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John Day

Great post, Evan. Defendants and their apologists always blame the jury when things go bad. Here was my take on what they would have said had Merck won, as posted yesterday at www.dayontorts.com.


August 22, 2005

What If Merck Had Won?

This represents my best guess of what the tort reformers would have wrote if Merck had won the Texas Vioxx trial:

"Well, the greedy plaintiff's lawyers did their best but they could not fool the good people of Texas. Mark Lanier, who is supposed to be a star of the plaintiff's bar, was rumored by the liberal media to be winning the case, which only shows how out-of-touch they are with mainstream America. Real people can see right through a huckster like Lanier, who apparently left his alleged trial advocacy skills in his plane.

Sooner or later the socialists who have (temporarily) captured the American media will learn that jurors will not fall for the sympathy plays used by Lanier and his ilk. No - jurors listen to and evaluate the facts. They listen to scientific experts and disregard those who create new "science" for the purposes of litigation. The American people are not dummies, notwithstanding the pabulum that they have been served by a media that assumes they are ignorant.

Reasonable people handed such a defeat would fold up their tents, go home and lick their wounds. But not plaintiffs' lawyers - they will continue to try to suck the blood out of Merck in the hope that they can extort some small settlement and then declare victory. That is the way the mass tort industry works - threaten, run up the expenses, settle cheap, and laugh all of the way to the bank.

In the meantime, the economic well-being of these companies is threatened, and they are left to fight frivolous lawsuits rather than develop new drugs which will save lives. The cost to the economy is enormous, and only God knows how many lives greedy trial lawyers take every year by forcing good companies to defend false claims filed by these hucksters.

This is why liberal Democrats in the Senate must be forced out of office. They are the ones standing in the way of reform. They allow junk science to support frivilous claims, all of which lines the pockets of their political supporter, the trial bar.

The people in Texas should be proud of the jury in the Vioxx case. They listened to the judge, listened to the evidence, and did justice notwithstanding the blatant appeals to sympathy by a lawyer trying to hit it big. The people who really understand heart and soul of America are not at all surprised by this result. Indeed, the only people who are truly surprised by the verdict are trial lawyers, who seem to think that the public will continue to buy their defective work product."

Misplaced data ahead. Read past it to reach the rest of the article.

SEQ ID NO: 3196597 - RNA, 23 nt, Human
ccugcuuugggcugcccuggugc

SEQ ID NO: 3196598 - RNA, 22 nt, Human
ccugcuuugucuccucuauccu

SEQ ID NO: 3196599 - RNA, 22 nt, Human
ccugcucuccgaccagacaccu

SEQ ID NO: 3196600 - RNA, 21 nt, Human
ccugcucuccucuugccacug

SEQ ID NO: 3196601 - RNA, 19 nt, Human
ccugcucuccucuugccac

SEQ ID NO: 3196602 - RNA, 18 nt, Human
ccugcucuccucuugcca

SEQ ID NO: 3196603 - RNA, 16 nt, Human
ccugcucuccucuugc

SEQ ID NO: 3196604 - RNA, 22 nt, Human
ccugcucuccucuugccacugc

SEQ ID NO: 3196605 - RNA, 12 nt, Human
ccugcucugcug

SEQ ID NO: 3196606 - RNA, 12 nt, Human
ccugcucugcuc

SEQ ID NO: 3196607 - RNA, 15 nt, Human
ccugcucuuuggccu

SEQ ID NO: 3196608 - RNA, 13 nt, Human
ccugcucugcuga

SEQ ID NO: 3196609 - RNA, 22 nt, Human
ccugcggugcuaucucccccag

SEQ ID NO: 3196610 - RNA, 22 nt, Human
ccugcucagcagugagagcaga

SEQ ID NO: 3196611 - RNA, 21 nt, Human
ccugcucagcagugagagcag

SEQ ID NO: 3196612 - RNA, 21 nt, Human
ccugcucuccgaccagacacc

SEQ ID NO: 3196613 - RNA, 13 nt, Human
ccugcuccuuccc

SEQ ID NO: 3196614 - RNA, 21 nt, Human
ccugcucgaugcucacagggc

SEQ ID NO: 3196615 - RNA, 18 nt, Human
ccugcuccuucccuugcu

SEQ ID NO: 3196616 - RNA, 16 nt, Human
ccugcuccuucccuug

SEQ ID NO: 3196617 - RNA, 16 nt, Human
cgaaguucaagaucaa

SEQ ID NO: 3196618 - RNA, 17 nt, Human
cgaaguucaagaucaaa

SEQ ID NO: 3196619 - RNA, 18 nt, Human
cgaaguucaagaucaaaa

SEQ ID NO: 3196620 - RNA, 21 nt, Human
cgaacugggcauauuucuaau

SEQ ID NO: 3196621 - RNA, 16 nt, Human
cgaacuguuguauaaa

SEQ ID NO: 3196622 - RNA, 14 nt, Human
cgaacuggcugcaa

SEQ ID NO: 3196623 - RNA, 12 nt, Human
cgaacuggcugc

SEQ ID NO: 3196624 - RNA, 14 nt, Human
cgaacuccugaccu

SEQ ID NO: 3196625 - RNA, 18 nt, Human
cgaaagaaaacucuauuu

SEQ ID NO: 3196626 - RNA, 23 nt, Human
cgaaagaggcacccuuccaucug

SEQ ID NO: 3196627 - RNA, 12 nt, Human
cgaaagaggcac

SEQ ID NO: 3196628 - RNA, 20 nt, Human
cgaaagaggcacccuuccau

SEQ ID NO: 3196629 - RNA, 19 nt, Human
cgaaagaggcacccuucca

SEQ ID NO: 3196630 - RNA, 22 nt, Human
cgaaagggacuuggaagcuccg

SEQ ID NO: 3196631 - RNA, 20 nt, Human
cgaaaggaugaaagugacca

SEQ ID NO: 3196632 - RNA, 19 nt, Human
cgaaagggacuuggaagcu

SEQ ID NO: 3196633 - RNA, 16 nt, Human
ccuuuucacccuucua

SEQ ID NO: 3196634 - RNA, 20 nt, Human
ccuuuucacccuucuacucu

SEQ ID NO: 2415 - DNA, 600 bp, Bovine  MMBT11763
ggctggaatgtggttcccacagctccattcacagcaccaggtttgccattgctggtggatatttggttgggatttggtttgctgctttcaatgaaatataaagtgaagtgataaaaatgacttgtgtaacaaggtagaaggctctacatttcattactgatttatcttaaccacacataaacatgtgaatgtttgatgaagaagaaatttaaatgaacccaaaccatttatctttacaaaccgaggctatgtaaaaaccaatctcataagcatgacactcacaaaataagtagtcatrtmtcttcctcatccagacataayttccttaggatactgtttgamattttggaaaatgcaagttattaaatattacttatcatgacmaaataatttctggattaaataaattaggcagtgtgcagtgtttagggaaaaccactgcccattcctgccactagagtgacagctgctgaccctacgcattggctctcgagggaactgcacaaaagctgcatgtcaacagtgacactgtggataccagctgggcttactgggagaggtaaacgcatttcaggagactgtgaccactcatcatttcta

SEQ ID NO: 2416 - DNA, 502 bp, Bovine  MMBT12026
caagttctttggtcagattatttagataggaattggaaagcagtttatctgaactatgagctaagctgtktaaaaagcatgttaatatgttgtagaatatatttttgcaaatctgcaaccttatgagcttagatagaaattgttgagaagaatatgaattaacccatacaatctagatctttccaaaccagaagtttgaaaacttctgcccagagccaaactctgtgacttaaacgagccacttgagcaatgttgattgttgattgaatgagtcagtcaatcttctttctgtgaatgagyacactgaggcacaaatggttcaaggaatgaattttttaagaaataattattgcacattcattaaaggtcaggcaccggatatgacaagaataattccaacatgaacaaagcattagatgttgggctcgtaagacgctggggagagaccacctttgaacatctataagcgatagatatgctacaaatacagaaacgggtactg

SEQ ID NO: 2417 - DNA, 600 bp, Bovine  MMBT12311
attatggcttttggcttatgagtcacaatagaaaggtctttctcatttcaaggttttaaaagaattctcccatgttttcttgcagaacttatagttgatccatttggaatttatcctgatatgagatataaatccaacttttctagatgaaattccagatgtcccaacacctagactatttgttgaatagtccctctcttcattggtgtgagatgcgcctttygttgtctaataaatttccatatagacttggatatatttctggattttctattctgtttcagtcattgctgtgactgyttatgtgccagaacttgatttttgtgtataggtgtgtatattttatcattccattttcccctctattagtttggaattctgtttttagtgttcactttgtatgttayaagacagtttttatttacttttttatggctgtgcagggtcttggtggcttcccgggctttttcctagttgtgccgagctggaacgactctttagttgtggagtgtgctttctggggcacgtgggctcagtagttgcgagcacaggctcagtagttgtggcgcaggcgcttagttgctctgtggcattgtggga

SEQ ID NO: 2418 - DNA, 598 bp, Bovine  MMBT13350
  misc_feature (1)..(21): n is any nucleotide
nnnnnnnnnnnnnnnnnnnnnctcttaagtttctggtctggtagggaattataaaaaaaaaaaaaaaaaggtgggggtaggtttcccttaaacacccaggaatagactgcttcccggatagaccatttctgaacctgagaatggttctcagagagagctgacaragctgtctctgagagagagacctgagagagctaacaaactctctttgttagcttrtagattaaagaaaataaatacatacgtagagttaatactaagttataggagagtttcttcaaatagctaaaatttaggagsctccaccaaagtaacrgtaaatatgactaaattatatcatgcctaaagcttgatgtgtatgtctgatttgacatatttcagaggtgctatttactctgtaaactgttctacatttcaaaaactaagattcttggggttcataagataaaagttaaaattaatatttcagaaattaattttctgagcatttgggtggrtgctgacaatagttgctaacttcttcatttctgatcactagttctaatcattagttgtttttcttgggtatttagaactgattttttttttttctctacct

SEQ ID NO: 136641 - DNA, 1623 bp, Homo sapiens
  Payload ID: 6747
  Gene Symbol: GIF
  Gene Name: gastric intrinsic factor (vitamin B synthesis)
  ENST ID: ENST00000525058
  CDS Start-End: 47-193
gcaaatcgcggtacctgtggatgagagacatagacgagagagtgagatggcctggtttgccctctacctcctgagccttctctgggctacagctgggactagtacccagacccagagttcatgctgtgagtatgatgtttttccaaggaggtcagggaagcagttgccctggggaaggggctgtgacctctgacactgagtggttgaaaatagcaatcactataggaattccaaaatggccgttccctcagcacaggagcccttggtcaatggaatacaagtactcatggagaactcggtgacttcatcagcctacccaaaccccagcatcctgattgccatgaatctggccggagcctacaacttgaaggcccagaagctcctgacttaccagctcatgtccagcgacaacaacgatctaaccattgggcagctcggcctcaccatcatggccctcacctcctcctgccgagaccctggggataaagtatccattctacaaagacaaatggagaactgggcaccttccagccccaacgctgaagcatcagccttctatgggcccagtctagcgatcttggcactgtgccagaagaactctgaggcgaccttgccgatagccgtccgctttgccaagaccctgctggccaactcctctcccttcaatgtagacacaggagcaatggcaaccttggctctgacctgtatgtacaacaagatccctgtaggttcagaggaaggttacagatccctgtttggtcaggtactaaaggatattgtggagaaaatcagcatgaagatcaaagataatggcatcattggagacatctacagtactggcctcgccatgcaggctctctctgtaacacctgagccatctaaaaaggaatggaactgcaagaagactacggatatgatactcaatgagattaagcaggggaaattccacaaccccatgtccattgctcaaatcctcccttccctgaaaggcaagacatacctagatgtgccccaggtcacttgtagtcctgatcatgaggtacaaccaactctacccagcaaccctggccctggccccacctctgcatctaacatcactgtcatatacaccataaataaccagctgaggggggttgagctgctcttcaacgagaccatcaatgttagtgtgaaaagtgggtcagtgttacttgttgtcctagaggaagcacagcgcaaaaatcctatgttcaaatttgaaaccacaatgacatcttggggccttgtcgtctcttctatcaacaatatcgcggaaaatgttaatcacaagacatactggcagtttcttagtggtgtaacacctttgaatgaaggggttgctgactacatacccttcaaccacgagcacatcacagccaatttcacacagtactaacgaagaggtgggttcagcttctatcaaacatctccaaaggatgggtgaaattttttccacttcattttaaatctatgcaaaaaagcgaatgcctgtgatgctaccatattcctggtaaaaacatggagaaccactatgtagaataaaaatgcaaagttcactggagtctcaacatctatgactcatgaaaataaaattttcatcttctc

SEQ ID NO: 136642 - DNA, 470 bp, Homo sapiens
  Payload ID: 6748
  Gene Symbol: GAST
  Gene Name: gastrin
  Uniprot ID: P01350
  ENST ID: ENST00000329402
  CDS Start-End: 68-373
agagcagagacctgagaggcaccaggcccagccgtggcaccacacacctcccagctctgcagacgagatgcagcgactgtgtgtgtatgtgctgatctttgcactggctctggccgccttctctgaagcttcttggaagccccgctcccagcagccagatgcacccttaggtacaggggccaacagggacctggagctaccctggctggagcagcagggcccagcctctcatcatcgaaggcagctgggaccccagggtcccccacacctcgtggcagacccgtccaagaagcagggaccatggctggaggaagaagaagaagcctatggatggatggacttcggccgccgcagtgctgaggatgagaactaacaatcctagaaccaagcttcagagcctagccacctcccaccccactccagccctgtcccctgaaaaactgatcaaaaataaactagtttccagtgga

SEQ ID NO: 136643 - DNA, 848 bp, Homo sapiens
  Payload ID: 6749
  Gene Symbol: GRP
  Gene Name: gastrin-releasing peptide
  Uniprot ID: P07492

Evan

John: Thanks for the comment. I saw that post of yours and liked it a lot. So true!

mythago

So true, John.

I'm also very hesitant to Monday-morning quarterback other lawyers' strategy choices, but come on--badgering the sympathetic widow for an hour and a half? What was up with that?

John Day

Concerning the strategy decisons of other lawyers and the presentation of evidence.

It is difficult to present complicated evidence in a way that it can be understood by people who are unfamiliar with the terms, much less the subject matter.

Then again, that is what trial lawyers do.

My guess is that Merck's lawyers will re-group and figure out how to present the evidence more clearly next time around.

Mike

Clay Conrad had an apropos post here.

Eh Nonymous

mythago: as someone recently noted, badgering a witness about unrelated and unknown-to-her matters may have backfired. But, it was surely not the kind of chancy strategy which was embarked on alone by that lawyer. She's (was it a she?) been scapegoated by an ignorant press. But it was surely a tactical and strategic decision, much like the ones discussed in the (excellent) comments at Prof. B's post. Not mine, mine is so-so. :) The ones by Beldar and/or John and/or others.

mythago

But, it was surely not the kind of chancy strategy which was embarked on alone by that lawyer.

Oh, I'm not blaming that lawyer alone (it was a she, as I recall). But still. WTF? (yes, that's a technical legal term)

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